Deconstructing Dracula: Unstable Binaries Throughout Bram Stoker's Novel College
Bram Stoker’s 1897 novel Dracula relies strongly on the construction and deconstruction of binaries. Arguably the most prevalent and important of the various binaries are good vs. evil and dark vs. light. At the beginning of the novel, Stoker establishes a clean cut line between good and evil. Basically, Dracula is evil—everyone hunting him is good. However, as the novel progresses, the clean-cut line between good and evil begins to blur. As the novel progresses, one can certainly question what actually constitutes a monster? Is Dracula a monster? Herein, Stoker allows readers to develop sympathy for his evildoing character.
Though Dracula is bloodthirsty, revenge driven, seeking immortality, spreading his territory, and reproducing spawn, Stoker includes a romantic side to his monster. Dracula is displayed as a lonely man. When Jonathan arrives at his castle, Dracula welcomes him as a being to communicate with, not just a bag of blood. Instead of immediately killing Jonathan upon his arrival, Dracula showed Jonathan the utmost hospitality, keeping him well fed and comfortable, yet still imprisoned. Exhibited as a dapper creature, Dracula possesses a charismatic presence. When spotted by Jonathan and Mina out and about, Dracula...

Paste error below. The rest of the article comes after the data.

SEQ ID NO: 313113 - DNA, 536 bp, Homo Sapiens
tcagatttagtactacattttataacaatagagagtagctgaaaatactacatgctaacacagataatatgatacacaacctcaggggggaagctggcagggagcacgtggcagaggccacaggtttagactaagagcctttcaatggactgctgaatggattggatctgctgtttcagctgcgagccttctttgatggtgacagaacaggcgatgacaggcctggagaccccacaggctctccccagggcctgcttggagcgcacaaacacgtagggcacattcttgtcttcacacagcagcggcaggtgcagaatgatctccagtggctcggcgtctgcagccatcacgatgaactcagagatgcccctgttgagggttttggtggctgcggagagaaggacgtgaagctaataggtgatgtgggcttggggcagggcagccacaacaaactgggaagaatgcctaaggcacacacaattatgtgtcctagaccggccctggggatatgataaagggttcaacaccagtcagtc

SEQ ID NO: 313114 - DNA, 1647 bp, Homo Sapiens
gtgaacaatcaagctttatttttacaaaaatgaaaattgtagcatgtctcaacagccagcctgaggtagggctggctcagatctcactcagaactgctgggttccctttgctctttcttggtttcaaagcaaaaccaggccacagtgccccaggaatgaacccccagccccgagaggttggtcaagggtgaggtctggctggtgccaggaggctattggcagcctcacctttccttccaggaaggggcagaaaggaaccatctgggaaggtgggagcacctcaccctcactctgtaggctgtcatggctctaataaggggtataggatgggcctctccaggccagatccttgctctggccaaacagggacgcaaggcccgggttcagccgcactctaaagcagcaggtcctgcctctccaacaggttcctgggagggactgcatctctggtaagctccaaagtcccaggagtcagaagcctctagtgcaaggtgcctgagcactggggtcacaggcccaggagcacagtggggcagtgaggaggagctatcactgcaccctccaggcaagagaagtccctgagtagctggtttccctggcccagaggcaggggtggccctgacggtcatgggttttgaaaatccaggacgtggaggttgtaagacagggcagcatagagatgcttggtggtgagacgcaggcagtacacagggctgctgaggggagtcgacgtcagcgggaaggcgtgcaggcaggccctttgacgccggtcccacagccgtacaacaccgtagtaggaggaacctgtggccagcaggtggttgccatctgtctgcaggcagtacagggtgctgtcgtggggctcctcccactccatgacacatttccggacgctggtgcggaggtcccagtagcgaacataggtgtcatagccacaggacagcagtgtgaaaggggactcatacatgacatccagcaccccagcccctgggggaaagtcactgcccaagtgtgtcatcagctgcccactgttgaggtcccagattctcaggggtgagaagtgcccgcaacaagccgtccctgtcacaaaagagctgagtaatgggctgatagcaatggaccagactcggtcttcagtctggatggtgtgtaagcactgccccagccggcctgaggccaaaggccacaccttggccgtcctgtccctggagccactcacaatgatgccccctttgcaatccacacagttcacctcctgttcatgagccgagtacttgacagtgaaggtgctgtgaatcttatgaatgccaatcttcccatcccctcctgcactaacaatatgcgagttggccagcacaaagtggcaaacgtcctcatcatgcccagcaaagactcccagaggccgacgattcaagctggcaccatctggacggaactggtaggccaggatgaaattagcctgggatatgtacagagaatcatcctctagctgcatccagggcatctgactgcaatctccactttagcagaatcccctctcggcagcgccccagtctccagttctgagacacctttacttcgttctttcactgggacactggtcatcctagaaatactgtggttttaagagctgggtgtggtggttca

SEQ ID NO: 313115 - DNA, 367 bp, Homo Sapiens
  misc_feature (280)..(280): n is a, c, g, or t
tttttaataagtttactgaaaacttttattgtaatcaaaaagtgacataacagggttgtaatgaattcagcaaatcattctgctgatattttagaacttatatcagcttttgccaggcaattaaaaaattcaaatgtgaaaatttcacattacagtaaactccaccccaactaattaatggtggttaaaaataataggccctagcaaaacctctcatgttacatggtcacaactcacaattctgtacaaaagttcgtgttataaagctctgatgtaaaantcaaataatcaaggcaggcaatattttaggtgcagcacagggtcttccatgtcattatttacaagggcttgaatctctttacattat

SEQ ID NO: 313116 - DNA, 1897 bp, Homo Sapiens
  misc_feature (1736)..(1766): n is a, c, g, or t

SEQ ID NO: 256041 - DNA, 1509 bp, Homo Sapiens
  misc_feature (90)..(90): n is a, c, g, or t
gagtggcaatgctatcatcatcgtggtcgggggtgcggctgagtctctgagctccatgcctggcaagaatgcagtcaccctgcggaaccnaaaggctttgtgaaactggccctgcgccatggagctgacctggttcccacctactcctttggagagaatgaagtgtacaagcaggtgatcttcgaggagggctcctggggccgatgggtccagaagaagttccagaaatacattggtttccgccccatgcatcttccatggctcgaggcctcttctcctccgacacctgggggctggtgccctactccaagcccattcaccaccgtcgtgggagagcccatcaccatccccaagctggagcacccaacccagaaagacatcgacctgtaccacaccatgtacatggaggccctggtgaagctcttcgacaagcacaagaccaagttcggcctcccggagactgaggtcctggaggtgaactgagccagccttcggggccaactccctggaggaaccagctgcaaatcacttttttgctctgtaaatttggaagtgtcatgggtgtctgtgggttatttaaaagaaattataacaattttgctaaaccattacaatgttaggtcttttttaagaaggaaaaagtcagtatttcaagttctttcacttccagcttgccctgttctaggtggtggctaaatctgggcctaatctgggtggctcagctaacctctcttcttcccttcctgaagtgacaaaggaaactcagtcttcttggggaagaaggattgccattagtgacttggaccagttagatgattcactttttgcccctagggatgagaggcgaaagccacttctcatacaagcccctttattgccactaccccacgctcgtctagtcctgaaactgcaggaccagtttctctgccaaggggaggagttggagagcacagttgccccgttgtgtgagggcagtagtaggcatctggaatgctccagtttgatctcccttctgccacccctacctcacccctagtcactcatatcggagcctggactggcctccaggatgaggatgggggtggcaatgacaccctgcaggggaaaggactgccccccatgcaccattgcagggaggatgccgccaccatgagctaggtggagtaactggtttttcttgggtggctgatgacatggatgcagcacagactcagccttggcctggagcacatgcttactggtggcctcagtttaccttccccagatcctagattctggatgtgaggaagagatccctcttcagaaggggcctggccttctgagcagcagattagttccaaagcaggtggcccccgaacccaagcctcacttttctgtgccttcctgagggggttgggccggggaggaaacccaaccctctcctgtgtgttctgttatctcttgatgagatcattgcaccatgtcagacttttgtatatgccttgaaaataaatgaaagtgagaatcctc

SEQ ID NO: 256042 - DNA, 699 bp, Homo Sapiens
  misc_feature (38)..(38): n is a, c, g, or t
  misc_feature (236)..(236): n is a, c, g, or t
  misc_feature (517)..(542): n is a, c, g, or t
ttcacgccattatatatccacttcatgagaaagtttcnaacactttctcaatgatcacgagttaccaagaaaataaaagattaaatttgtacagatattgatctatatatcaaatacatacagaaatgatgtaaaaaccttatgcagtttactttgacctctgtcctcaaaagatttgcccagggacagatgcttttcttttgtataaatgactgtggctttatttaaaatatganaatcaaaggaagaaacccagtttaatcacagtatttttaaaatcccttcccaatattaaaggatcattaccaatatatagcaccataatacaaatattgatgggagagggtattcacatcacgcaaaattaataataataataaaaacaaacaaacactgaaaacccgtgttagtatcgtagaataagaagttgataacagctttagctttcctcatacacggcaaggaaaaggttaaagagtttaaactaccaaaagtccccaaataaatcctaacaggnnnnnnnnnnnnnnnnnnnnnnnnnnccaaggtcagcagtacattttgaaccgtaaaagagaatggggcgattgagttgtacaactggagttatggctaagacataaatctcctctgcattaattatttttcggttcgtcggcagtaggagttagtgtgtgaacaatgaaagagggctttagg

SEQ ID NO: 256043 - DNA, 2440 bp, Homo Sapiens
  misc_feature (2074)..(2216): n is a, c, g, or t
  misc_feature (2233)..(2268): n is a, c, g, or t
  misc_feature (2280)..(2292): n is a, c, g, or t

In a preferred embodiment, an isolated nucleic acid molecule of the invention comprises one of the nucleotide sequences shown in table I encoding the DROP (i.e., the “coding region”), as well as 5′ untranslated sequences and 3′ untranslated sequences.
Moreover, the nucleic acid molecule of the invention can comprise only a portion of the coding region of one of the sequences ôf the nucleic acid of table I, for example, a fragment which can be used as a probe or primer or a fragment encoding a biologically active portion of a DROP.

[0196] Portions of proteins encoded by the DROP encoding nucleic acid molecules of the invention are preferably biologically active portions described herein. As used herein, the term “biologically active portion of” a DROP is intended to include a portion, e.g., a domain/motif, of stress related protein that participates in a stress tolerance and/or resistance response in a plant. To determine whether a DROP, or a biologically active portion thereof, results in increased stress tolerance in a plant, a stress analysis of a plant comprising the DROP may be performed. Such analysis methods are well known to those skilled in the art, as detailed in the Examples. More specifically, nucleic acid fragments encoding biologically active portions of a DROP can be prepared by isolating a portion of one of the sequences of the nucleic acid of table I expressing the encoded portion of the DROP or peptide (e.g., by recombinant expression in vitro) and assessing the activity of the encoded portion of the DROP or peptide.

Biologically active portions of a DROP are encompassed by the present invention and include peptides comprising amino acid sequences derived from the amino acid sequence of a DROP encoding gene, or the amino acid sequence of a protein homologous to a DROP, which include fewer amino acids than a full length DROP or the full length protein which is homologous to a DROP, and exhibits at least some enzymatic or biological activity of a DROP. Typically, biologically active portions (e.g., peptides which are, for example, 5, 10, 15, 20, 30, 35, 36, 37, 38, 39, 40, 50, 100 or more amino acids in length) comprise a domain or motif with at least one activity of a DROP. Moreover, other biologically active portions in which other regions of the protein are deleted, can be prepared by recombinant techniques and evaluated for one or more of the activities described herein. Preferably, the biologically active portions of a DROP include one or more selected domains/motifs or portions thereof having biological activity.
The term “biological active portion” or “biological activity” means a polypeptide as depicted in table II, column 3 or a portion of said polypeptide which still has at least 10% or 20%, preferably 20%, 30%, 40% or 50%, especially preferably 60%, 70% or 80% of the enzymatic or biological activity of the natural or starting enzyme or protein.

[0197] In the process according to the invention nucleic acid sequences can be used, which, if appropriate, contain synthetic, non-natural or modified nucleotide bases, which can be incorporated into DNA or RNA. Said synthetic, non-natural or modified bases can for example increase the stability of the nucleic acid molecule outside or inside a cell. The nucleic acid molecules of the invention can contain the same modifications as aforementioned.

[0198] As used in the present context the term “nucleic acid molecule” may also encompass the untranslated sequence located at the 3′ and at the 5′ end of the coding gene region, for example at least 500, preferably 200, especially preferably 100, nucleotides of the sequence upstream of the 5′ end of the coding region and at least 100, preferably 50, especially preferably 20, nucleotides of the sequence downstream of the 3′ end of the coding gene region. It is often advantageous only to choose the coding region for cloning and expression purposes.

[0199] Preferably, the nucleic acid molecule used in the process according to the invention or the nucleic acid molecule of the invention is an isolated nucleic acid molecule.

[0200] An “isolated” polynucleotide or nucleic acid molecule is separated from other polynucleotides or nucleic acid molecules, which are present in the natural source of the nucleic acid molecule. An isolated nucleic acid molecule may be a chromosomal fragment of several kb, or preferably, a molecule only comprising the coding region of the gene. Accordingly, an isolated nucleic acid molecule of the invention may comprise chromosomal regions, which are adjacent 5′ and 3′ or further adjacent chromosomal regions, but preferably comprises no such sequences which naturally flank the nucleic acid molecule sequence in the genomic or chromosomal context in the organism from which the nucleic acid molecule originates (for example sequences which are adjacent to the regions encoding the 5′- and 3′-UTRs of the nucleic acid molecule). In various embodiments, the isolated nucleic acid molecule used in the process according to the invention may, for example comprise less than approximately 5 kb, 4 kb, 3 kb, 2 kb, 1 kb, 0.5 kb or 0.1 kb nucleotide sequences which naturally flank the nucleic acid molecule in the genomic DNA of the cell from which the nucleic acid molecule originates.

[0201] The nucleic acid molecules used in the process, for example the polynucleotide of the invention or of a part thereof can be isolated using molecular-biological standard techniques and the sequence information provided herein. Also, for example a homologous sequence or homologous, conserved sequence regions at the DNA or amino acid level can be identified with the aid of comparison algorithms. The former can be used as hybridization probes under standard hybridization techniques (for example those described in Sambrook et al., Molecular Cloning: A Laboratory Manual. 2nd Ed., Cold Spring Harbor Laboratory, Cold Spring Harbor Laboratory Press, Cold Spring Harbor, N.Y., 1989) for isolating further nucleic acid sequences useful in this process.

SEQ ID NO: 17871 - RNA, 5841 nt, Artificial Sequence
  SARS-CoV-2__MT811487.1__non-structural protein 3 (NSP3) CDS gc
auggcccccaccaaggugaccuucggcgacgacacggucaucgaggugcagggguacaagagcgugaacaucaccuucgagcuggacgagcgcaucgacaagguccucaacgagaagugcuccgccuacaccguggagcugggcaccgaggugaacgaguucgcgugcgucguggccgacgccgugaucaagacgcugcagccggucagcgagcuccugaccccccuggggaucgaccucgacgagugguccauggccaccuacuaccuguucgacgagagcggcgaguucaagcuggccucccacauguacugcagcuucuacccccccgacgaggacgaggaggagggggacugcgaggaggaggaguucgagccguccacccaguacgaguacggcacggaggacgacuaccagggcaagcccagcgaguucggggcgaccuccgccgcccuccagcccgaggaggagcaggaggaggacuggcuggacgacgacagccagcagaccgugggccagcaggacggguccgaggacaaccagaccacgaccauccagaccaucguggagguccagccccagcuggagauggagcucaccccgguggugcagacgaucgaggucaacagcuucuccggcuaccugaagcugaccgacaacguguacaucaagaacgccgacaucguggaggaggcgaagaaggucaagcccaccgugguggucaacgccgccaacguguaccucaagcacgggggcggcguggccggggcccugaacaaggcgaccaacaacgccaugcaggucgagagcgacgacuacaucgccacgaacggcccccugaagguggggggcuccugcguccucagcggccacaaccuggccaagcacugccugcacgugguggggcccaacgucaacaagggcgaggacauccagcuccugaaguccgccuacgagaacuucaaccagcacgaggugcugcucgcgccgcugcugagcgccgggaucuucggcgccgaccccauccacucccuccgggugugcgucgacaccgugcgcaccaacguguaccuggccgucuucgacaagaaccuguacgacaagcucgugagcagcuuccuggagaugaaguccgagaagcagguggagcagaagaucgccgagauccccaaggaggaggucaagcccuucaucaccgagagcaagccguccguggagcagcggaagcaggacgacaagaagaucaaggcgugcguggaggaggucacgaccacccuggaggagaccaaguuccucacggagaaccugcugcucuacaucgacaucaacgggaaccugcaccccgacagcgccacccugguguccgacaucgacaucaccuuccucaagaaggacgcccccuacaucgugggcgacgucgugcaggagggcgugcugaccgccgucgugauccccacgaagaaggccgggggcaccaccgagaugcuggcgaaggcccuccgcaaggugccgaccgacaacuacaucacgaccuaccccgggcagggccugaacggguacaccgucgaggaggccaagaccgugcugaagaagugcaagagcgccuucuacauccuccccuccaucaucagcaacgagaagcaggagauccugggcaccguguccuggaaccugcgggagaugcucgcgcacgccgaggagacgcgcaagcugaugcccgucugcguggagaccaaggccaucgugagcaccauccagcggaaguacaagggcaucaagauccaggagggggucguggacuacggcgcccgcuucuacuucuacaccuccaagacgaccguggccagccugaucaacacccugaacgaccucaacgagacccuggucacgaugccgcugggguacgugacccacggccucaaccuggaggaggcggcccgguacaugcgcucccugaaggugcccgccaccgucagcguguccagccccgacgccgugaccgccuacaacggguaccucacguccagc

Join Now to View Premium Content
GradeSaver provides access to 893 study guide PDFs and quizzes, 7018 literature essays, 1932 sample college application essays, 289 lesson plans, and ad-free surfing in this premium content, “Members Only” section of the site! Membership includes a 10% discount on all editing orders.
Already a member? Log in